IF, as we have been led to think, self-determination is the criterion of growth, and if self-determination means self‐ articulation, we shall be analysing the process by which growing civilizations actually grow if we investigate the way in which they progressively articulate themselves. In a general way it is evident that a society in process of civilization articulates itself through the individuals who 'belong' to it, or to whom it 'belongs'. We can express the relation between the society and the individual indifferently by either of these formulae, contradictory though they are; and this ambiguity seems to show that both formulae are inadequate and that, before setting out on our new inquiry, we shall have to consider what is the relation in which societies and individuals stand to each other.
This is, of course, one of the stock questions of sociology, and there are two stock answers to it. One is that the individual is a reality which is capable of existing and of being apprehended by itself and that a society is nothing but an aggregate of atomic individuals. The other is that the reality is the society; that a society is a perfect and intelligible whole, while the individual is simply a part of this whole which cannot exist or be conceived as existing in any other capacity or setting. We shall find that neither of these views will bear examination.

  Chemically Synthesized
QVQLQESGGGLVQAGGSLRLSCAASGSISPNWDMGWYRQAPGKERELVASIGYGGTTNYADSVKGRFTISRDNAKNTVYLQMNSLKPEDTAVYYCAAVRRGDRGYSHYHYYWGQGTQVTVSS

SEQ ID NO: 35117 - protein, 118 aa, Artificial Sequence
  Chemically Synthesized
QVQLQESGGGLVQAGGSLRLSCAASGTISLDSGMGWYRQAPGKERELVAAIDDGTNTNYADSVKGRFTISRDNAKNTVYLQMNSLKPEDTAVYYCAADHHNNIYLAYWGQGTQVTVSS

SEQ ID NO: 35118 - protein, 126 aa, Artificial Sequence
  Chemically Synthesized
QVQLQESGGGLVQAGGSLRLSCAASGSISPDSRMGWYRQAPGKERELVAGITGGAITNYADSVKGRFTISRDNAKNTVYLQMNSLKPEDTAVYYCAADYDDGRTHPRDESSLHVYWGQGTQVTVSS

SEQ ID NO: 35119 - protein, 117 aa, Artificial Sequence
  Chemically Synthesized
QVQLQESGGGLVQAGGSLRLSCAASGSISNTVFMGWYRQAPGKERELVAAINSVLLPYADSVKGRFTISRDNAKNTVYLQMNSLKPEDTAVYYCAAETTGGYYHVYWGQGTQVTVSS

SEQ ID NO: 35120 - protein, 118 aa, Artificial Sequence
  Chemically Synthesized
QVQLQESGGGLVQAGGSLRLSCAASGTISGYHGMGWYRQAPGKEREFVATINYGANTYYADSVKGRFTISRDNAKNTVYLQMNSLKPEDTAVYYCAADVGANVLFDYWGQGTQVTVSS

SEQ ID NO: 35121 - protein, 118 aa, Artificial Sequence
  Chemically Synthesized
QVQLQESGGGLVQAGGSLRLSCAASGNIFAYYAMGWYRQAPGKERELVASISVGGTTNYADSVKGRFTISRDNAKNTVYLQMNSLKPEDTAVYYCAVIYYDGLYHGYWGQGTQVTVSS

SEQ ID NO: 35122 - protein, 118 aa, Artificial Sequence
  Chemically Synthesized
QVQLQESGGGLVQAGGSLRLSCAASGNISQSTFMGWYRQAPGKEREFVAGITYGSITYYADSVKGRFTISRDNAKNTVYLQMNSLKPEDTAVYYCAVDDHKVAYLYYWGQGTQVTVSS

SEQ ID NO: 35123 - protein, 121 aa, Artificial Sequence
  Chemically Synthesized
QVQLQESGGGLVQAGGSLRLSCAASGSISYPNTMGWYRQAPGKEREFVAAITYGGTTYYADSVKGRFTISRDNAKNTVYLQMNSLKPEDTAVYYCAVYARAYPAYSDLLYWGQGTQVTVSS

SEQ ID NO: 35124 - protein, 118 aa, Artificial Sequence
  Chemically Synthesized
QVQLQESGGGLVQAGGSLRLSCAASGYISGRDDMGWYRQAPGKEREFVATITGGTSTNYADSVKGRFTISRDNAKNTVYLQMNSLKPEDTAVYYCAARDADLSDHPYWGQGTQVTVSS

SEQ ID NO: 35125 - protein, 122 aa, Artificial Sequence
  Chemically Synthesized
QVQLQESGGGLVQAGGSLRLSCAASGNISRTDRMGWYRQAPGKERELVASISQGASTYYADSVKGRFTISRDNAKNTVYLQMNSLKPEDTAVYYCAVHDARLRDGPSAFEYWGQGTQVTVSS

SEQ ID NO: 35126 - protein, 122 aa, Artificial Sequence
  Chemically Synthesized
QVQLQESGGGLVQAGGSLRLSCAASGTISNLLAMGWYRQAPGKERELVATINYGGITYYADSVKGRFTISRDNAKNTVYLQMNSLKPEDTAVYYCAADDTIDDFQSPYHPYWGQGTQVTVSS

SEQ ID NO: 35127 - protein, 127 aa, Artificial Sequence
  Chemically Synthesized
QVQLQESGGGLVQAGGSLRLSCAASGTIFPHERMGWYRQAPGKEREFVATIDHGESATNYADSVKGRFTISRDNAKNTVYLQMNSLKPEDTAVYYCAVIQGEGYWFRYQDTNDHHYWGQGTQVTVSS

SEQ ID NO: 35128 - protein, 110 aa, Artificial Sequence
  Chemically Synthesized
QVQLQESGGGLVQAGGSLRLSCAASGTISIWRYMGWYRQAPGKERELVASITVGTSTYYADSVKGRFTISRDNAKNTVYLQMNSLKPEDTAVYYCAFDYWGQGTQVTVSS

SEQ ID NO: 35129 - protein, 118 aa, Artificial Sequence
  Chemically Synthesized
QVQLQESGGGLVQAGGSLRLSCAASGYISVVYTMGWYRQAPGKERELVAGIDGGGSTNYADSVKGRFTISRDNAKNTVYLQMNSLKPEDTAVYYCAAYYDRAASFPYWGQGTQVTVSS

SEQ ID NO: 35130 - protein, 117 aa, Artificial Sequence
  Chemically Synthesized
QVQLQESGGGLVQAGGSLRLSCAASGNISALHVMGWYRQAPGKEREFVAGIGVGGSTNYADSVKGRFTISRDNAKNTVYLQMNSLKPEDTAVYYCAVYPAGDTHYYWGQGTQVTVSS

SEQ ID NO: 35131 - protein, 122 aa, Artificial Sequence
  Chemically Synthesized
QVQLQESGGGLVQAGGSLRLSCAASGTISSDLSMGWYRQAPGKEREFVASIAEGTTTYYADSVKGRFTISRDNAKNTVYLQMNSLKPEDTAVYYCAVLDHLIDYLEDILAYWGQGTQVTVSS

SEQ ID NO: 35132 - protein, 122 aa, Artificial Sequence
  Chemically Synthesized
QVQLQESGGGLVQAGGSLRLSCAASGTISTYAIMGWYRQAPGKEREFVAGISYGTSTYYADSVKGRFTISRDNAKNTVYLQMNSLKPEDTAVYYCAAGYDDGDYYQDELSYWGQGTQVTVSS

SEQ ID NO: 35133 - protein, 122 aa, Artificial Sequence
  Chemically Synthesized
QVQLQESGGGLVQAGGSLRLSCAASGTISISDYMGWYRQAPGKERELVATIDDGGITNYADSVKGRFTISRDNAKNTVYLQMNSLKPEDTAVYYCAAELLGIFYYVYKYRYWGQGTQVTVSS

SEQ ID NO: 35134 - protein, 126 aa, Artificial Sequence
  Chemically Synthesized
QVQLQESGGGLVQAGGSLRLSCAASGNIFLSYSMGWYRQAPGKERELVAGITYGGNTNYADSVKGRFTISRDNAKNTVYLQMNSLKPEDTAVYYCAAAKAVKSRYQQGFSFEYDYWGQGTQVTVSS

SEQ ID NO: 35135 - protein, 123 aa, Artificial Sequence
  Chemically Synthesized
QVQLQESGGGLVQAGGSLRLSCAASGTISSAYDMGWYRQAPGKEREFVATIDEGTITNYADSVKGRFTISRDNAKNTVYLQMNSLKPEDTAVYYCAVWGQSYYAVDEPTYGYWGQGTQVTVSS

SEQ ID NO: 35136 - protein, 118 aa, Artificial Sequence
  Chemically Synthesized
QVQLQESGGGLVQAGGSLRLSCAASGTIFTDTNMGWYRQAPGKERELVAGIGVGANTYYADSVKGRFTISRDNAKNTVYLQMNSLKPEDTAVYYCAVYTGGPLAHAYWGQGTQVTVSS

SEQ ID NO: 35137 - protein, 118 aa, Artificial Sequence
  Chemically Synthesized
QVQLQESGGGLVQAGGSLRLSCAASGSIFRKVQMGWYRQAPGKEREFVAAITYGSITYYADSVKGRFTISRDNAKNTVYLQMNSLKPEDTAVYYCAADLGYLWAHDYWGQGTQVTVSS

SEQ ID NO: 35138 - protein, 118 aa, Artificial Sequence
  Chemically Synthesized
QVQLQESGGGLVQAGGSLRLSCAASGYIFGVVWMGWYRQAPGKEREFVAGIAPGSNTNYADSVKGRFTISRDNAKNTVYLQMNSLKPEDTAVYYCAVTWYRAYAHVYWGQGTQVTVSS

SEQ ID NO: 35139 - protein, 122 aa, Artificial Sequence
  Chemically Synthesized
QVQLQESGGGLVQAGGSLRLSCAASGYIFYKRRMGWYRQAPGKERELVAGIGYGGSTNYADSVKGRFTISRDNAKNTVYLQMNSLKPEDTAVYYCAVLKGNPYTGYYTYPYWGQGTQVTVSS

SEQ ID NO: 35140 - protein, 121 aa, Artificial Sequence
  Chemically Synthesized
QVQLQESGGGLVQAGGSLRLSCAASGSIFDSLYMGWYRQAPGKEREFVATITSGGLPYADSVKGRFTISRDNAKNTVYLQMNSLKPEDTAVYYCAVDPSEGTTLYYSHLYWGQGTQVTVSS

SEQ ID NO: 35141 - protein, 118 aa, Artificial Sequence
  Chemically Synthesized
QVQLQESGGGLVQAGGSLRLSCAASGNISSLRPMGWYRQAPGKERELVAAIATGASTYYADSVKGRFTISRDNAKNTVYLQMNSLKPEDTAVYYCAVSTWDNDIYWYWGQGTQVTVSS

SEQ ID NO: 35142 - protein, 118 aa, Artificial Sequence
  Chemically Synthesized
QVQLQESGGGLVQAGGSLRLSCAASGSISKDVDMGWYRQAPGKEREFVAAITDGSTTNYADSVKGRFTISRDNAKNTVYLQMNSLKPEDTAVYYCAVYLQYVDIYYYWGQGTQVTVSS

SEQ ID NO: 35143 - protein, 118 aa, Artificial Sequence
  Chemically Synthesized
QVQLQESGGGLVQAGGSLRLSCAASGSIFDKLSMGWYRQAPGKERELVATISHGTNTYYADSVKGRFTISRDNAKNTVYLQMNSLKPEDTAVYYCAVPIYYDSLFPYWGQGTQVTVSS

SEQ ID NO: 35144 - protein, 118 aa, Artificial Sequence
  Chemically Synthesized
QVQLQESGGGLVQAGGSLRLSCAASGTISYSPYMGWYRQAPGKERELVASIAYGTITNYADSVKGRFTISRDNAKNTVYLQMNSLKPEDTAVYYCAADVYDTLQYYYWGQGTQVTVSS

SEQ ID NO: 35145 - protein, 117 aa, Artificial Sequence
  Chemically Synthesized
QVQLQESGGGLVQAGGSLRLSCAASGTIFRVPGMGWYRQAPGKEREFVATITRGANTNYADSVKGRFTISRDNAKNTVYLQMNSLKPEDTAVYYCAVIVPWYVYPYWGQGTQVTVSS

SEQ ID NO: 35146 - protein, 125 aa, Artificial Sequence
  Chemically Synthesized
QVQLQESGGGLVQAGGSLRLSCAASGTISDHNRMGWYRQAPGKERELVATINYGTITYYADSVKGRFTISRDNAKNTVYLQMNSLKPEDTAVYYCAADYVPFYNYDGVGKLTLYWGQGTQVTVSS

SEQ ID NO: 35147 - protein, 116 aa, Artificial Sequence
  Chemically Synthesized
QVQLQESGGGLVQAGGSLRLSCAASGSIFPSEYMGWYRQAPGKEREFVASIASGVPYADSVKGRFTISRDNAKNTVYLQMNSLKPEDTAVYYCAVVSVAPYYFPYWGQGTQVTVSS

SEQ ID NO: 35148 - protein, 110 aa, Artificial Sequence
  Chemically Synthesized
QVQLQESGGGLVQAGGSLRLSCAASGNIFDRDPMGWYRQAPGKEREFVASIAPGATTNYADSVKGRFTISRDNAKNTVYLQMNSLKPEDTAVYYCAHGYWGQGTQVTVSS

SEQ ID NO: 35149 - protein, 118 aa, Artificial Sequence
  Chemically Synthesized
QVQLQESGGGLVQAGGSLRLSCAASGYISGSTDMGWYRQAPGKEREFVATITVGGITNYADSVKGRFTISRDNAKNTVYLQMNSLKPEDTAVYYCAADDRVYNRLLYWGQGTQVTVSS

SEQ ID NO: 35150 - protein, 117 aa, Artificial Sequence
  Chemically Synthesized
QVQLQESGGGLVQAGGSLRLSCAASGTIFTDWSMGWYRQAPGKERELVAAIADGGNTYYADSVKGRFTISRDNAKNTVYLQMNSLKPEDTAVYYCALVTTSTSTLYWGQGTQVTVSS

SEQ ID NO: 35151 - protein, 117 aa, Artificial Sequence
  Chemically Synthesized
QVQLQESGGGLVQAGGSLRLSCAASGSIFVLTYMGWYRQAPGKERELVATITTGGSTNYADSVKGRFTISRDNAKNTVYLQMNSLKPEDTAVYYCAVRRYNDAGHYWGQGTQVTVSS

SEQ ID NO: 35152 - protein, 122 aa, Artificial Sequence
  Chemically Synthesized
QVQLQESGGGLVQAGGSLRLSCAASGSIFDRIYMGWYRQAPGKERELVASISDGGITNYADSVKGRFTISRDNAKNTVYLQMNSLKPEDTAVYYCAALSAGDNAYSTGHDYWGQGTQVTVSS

The classic picture of an imaginary atomic individual is the Homeric description of the Cyclops, quoted by Plato for the same purpose as ours in quoting it now:
Mootless are they and lawless. On the peaks
Of mountains high they dwell, in hollow caves,
Where each his own law deals to wife and child
In sovereign disregard of all his peers. i
It is significant that this atomic way of life is ascribed to no ordinary human beings, and in fact no human beings have ever lived Cyclops-fashion, for man is essentially a social animal inasmuch as social life is a condition which the evolution of man out of sub-man pre-supposes and without which that evolution could not conceivably have taken shape. What, then, of the alternative answer which treats man as simply a part of a social whole ?
'There are communities, such as those of bees and ants, where,